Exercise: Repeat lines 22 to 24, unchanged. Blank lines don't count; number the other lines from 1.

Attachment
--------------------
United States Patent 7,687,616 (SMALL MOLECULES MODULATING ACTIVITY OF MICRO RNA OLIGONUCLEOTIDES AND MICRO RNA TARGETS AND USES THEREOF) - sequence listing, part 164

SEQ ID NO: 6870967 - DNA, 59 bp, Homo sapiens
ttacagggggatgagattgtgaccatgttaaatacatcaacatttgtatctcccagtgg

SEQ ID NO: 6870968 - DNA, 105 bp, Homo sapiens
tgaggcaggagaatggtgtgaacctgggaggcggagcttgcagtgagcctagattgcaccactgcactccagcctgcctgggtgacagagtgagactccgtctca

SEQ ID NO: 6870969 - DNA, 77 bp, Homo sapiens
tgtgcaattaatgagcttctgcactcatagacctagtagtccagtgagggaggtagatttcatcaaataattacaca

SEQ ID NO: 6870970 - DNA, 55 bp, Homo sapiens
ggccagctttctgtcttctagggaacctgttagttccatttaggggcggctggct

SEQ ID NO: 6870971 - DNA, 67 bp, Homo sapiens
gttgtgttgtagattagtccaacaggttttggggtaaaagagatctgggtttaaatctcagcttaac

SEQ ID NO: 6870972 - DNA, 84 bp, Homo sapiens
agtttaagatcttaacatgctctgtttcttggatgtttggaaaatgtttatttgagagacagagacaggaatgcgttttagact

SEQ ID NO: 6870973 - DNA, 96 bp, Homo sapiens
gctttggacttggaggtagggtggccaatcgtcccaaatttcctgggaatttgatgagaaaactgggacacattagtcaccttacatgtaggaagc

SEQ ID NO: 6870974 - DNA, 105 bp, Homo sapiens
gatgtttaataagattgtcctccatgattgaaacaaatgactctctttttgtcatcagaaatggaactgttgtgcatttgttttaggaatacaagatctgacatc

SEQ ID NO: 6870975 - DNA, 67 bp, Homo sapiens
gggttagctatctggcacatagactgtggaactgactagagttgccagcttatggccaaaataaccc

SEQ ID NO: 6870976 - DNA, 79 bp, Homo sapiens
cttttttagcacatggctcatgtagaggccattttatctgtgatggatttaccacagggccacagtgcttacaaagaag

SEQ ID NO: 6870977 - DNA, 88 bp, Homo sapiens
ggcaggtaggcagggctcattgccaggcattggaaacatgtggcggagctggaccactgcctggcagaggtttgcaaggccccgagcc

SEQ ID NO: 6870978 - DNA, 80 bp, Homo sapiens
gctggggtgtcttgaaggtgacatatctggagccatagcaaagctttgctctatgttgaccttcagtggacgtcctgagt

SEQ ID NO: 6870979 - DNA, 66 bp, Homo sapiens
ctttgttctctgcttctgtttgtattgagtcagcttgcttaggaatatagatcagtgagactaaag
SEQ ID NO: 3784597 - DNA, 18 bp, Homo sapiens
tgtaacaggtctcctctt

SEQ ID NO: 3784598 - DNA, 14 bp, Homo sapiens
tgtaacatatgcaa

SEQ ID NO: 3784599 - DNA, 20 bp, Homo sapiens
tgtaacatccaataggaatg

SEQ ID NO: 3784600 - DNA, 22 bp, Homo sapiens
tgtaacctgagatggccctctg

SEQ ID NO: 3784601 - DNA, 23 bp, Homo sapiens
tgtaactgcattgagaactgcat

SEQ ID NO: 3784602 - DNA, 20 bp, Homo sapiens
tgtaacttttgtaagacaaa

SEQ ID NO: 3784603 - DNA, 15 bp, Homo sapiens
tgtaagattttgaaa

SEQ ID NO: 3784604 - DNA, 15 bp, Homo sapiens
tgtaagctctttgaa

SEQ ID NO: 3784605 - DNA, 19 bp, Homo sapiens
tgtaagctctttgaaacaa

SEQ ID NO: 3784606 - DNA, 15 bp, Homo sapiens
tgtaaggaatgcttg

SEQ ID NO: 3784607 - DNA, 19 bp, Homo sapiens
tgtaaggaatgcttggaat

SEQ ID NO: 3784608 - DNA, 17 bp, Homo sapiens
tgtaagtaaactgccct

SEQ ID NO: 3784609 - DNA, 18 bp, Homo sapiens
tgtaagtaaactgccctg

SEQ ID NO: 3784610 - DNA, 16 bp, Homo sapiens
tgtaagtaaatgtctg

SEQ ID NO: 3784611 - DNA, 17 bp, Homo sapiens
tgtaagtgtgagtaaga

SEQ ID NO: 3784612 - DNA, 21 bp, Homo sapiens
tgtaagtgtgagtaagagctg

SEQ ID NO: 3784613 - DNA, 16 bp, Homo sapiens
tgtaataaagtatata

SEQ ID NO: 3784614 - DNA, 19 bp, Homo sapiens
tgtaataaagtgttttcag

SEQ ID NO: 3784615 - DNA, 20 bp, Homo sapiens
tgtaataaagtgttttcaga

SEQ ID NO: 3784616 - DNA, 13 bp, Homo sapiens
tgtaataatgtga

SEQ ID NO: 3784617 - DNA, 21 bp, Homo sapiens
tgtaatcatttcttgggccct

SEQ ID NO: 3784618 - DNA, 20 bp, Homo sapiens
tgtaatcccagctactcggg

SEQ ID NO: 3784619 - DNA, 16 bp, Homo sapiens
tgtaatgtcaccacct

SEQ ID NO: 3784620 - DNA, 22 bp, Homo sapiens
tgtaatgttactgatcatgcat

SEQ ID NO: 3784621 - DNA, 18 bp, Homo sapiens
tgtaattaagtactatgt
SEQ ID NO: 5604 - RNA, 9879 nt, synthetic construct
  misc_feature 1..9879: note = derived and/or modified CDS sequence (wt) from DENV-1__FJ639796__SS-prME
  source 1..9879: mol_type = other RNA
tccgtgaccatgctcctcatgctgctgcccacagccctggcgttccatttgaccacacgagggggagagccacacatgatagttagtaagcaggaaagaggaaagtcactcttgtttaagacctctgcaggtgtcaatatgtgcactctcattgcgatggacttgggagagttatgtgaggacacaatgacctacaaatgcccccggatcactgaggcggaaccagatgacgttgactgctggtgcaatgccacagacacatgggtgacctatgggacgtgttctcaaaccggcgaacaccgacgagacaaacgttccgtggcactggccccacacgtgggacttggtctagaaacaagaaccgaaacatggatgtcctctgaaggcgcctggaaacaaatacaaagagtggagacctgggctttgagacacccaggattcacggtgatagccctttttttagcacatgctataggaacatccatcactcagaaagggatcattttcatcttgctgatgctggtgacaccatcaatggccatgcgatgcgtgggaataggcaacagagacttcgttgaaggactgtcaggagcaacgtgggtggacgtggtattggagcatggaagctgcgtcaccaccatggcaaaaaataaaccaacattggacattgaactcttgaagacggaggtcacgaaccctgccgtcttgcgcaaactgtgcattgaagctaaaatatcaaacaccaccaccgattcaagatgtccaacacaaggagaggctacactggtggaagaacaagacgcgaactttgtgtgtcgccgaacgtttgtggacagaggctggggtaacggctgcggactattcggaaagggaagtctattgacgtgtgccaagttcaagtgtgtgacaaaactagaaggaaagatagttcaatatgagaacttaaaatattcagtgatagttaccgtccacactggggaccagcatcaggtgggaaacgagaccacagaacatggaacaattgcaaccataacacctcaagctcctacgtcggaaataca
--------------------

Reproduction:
SEQ ID NO: 6870977 - DNA, 88 bp, Homo sapiens
ggcaggtaggcagggctcattgccaggcattggaaacatgtggcggagctggaccactgcctggcagaggtttgcaaggccccgagcc

SEQ ID NO: 6870978 - DNA, 80 bp, Homo sapiens